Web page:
Wednesday, December 21, 2011

The Playstation Controller

Dedicated PlayStation entry continuing from the Console Controllers of the Big Three post.

See Also:
The Xbox Controller
The Gamecube Controller
The pre-GameCube Nintendo Controllers
As aforesaid, the PS controller has remained essentially unchanged since '94. It started out like this:

Simple. Clean. Elegant?

Once upon a time, primary movement control in a video game came through use of the D-pad. Shoot with , jump with X. There were games in which the L and R buttons wouldn't be used at all, especially the older ones. (Things have come a long way.) If at all, they would only reorient the third-person camera sometimes. But this was enough for most of them.

Eventually, we got the analog sticks. This was a big step forward! Now you could walk, walk faster, OR run full tilt. Up until then, the D-pad's digital signals limited your choices to 'Go' or 'Not going'. There was no speed gradient. Still, the four L and R buttons remained secondary controls. Game designers would try their best to assign the most needed functions to the face controls.

Dual Analog controller.
I want you to note the slightly elongated handles. I didn't pull this information from any kind of official document but I think this design change corroborates my belief that at that time the PS controller was still meant to be held with three fingers of each hand supporting it from the bottom. You didn't need to have your middle fingers on the L2 and R2 buttons because they weren't used often enough to warrant it.

A detail not to be overlooked: The addition of the analog sticks eventually lead to the inclusion of two more 'buttons': the L3 and R3 from pressing the analog sticks.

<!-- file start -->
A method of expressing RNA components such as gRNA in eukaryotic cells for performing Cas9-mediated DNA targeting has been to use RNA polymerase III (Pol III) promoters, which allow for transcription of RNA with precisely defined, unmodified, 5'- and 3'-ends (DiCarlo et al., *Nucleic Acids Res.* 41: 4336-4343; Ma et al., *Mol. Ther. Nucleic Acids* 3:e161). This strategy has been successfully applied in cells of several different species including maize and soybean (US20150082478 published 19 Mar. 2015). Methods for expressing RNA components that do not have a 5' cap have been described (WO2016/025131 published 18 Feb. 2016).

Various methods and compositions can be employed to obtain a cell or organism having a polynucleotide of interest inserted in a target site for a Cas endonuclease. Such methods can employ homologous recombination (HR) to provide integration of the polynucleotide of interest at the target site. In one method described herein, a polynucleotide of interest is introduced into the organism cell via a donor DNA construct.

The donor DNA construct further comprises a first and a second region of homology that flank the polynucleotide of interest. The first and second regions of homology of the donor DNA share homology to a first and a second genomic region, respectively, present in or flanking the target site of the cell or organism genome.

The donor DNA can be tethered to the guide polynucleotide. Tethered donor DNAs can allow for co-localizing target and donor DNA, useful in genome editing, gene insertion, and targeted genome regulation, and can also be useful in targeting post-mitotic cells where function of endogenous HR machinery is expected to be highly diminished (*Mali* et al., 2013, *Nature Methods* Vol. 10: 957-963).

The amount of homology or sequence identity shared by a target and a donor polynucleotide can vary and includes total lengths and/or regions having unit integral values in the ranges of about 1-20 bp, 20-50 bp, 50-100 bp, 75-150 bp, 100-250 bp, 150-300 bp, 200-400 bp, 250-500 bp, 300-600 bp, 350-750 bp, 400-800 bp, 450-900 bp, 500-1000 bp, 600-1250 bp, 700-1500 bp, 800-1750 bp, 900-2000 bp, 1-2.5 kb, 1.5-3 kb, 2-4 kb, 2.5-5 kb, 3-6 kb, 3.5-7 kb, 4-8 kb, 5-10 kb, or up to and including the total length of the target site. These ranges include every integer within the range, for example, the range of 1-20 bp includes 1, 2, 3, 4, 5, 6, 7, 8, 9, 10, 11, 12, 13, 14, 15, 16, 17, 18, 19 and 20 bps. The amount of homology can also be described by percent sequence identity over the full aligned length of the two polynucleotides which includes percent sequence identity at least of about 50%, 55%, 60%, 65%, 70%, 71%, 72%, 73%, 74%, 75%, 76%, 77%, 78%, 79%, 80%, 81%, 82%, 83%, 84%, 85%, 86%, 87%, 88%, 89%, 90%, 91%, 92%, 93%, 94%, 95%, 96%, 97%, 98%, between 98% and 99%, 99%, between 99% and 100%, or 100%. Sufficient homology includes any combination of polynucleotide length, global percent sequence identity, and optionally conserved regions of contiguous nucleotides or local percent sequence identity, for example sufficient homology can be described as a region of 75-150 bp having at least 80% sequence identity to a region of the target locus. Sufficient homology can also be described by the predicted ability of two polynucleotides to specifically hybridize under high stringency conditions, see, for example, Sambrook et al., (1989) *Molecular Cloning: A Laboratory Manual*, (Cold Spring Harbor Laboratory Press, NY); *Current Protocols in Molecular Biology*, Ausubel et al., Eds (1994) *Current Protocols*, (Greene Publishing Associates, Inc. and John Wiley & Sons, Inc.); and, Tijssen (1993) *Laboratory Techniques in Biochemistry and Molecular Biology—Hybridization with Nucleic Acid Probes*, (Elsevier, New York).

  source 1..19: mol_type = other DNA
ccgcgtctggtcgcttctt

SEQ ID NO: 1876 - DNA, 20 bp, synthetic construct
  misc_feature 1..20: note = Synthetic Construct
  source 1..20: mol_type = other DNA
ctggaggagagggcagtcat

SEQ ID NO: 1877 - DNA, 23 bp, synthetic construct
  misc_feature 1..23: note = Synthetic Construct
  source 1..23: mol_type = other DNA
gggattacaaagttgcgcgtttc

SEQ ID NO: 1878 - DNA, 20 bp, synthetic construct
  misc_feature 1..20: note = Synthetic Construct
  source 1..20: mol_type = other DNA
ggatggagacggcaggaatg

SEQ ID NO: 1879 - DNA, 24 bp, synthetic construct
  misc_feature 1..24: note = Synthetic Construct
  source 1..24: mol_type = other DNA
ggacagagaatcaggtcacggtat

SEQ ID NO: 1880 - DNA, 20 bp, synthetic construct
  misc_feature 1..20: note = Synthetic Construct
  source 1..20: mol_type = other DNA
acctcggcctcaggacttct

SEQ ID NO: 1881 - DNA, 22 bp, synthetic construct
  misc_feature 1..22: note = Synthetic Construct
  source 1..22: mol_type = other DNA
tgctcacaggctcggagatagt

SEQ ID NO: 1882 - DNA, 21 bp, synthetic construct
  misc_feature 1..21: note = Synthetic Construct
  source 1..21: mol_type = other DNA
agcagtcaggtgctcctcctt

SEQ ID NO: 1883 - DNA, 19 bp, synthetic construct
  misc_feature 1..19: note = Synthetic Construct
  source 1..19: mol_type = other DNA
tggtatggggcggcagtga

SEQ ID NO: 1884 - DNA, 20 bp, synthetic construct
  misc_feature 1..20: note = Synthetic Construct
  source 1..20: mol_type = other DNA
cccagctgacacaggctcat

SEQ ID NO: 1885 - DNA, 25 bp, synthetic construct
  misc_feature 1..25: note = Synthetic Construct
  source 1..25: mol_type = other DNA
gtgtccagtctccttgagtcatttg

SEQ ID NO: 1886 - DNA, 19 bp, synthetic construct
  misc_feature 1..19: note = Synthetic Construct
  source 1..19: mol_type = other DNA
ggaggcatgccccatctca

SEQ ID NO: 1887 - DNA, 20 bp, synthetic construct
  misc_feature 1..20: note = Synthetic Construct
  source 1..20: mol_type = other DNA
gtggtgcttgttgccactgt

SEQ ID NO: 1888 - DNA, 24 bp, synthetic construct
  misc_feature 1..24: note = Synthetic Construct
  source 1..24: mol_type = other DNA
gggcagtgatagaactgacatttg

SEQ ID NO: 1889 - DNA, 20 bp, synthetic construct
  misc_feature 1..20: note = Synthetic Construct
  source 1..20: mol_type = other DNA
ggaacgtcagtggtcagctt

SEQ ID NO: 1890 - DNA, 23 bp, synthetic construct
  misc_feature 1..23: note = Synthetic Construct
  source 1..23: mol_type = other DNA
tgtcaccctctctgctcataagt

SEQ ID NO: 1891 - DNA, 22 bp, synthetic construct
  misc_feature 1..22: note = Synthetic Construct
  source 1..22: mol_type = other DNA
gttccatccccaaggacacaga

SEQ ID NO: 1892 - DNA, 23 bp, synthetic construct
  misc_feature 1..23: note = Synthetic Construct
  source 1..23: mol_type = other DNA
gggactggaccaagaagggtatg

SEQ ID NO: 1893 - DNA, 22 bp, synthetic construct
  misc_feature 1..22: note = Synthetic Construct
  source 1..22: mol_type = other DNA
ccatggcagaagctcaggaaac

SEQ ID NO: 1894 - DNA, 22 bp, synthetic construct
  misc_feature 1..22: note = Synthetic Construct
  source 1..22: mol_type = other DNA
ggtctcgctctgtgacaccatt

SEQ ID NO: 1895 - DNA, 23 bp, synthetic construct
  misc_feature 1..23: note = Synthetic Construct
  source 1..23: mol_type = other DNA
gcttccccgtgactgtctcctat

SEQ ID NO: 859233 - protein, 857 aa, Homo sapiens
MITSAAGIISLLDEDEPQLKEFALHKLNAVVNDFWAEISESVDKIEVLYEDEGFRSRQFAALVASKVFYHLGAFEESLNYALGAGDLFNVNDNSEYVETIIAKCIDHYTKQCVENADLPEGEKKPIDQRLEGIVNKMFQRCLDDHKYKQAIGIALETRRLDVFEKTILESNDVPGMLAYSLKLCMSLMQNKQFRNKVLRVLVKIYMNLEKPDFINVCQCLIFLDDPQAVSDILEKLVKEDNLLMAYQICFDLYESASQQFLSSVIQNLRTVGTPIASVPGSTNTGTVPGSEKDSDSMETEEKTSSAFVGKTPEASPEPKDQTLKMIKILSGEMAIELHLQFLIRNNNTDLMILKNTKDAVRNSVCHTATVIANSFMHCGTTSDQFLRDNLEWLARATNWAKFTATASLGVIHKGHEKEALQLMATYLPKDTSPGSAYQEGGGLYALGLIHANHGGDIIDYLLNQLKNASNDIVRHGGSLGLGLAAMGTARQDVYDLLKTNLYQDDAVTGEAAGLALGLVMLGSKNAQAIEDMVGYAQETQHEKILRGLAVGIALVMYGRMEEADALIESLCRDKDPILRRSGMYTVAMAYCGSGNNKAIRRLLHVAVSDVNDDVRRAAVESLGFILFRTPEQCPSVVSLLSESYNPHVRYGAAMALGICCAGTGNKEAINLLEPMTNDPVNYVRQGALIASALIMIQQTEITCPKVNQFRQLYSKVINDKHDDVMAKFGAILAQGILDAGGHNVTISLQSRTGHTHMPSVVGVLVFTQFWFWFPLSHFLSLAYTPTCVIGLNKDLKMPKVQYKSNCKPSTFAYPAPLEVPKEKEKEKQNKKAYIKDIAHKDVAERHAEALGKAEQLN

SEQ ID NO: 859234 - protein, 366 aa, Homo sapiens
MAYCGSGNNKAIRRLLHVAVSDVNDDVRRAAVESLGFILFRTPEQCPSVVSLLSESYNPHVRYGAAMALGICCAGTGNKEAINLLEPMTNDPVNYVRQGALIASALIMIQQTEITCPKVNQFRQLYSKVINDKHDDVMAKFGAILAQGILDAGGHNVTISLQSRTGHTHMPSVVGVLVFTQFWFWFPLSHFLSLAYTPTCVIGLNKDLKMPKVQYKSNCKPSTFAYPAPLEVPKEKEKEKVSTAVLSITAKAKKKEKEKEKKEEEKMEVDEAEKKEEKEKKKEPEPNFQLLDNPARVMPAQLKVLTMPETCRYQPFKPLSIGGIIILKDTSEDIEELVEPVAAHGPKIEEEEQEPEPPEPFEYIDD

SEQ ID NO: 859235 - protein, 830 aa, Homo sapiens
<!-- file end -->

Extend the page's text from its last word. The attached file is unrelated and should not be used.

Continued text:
Note the change in design on the joysticks from smooth concavity to textured convex rubber. In my experience this improves gripping ability, especially on sweaty hands. Also the handles have been shortened back to their original size. I'm not sure when the trend began but these days firing control in FPS games has been assigned to the R1 button, I'd go so far as to say exclusively so. This trend exists across the board for console games and Playstation's were no exception. Grenade throwing or weapon switching usually ends up L2 and R2 so gamers now have need to leave fingers on those buttons at all times. This leaves only the four fingers supporting from below. Again, I don't know with certainty that this shift has anything to do with the reversion to short handles but I think it is related, even if only obliquely.

Since then there have also been some changes involving pressure-sensitivity of the face buttons, motion-sensing technology on the Sixaxis/Dualshock 3 but these aren't the focus of this blog post. The ergonomics. That's what I want to talk about. This controller hasn't changed much in that respect. Oh, it came close, real close to changing with the PS3. Check this out.